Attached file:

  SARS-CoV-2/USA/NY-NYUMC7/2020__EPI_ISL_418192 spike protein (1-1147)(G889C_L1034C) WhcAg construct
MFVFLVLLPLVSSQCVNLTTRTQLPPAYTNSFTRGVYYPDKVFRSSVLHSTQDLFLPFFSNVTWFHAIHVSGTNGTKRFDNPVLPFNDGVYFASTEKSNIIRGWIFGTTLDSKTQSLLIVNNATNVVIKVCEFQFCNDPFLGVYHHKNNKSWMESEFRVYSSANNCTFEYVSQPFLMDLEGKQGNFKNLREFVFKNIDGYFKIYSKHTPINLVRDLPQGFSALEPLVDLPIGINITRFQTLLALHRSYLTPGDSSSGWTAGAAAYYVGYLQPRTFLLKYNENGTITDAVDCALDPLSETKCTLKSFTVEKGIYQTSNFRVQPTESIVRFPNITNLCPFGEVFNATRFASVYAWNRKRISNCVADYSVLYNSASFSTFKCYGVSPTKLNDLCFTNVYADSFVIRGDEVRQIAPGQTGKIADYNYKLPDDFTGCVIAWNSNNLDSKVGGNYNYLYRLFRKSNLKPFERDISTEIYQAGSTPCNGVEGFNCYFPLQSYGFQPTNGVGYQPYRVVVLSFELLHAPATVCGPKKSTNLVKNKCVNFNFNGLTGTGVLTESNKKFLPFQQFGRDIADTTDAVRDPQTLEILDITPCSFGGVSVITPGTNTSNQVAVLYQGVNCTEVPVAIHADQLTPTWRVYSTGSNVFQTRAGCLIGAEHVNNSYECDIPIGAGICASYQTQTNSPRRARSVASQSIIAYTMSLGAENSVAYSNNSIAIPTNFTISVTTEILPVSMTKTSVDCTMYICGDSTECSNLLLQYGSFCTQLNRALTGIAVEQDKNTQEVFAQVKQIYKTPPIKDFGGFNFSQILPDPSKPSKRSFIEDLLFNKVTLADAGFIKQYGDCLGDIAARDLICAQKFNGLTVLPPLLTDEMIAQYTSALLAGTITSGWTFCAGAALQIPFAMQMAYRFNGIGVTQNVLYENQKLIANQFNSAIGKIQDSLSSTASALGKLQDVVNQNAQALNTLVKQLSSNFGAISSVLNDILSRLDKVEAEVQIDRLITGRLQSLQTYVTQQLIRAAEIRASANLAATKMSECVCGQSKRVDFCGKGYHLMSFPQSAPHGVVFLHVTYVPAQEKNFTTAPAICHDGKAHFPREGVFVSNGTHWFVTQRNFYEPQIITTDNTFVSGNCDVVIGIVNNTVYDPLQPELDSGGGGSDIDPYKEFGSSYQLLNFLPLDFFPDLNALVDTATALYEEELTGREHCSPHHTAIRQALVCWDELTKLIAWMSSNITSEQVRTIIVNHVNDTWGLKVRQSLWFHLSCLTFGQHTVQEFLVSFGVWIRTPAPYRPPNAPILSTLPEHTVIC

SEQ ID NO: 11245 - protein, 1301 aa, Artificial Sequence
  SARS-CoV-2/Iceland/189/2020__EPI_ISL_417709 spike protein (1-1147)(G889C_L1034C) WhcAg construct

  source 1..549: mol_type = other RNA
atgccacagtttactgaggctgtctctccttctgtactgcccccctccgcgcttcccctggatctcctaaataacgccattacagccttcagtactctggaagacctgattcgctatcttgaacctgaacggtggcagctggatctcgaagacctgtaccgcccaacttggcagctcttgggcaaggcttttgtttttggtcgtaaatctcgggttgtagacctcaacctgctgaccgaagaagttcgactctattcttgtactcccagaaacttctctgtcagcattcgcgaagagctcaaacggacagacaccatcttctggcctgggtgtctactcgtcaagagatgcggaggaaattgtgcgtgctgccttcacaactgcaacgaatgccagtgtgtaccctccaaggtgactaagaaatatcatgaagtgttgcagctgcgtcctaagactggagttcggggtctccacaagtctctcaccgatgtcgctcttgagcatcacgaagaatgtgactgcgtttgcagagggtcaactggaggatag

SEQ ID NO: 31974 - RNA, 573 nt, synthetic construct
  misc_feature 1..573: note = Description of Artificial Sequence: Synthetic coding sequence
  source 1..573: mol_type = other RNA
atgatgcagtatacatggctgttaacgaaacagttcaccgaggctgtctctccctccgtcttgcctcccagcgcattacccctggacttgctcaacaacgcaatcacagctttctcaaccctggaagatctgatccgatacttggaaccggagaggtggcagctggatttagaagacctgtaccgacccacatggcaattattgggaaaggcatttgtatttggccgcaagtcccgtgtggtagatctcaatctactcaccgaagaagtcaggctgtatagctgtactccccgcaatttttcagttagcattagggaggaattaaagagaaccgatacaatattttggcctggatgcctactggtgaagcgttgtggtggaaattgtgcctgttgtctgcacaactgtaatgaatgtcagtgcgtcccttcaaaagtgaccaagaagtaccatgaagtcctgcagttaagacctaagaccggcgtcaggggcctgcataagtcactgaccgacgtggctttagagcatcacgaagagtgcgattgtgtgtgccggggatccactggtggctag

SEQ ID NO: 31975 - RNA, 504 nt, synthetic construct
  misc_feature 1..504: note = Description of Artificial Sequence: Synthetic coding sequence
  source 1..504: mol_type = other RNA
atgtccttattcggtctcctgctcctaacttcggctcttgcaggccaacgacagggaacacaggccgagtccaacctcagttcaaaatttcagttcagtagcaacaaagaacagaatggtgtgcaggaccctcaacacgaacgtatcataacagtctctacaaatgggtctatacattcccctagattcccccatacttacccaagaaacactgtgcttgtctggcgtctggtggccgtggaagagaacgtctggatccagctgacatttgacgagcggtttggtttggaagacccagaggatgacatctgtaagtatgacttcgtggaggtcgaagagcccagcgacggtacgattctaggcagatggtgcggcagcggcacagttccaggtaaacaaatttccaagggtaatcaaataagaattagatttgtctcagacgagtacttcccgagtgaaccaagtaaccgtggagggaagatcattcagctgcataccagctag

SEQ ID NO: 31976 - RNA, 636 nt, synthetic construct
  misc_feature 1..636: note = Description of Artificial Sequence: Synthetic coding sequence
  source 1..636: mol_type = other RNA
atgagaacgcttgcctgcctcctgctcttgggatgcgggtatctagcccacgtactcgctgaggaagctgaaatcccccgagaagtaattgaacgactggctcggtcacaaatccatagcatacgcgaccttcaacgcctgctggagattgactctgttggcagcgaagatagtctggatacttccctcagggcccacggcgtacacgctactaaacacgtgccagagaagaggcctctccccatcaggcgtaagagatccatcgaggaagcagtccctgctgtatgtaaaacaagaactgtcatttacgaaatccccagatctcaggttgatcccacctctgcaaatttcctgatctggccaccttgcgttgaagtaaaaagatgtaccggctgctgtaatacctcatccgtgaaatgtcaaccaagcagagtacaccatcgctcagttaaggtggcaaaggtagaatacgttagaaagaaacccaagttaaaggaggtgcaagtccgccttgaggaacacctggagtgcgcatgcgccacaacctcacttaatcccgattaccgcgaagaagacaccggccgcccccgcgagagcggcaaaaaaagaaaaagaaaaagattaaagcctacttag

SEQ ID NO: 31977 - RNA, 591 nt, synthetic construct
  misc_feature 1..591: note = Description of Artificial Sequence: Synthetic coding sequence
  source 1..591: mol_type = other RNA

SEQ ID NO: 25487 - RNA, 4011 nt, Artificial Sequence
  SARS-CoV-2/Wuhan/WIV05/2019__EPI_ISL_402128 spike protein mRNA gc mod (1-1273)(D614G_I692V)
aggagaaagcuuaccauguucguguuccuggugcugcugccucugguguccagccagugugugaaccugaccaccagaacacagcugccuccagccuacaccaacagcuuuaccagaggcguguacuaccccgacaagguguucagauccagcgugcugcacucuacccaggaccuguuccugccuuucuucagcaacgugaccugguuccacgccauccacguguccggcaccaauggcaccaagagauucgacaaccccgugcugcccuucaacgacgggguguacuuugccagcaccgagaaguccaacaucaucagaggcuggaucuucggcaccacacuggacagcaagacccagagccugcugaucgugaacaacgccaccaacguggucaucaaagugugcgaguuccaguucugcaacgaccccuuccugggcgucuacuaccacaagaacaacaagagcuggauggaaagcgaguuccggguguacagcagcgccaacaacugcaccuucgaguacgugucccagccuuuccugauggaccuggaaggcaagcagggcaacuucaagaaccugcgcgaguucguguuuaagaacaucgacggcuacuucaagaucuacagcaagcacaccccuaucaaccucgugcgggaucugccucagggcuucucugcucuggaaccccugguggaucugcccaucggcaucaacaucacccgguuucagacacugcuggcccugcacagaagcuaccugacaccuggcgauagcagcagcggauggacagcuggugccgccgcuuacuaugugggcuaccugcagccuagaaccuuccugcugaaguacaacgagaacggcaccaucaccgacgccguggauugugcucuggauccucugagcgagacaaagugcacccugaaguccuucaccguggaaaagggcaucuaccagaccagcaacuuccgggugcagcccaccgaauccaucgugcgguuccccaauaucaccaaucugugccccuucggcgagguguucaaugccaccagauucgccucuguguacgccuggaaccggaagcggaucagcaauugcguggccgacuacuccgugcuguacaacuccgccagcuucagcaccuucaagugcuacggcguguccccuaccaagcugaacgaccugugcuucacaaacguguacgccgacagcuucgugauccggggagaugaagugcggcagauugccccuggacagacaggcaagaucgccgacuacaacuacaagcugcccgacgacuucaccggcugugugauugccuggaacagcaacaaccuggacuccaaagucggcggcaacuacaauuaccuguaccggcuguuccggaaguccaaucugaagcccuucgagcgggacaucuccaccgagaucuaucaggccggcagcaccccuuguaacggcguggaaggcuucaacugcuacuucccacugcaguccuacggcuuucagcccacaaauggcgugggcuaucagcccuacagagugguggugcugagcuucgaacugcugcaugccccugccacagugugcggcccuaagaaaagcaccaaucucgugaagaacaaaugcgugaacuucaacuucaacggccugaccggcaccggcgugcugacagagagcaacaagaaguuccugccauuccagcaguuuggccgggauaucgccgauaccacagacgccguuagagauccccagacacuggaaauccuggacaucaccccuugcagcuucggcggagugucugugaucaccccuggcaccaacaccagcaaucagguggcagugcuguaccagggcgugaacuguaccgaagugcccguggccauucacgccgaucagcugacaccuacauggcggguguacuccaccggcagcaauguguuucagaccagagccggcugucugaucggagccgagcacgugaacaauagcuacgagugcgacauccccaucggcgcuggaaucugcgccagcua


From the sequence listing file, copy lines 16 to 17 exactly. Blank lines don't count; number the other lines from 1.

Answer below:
  misc_feature 1..636: note = Description of Artificial Sequence: Synthetic coding sequence
  source 1..636: mol_type = other RNA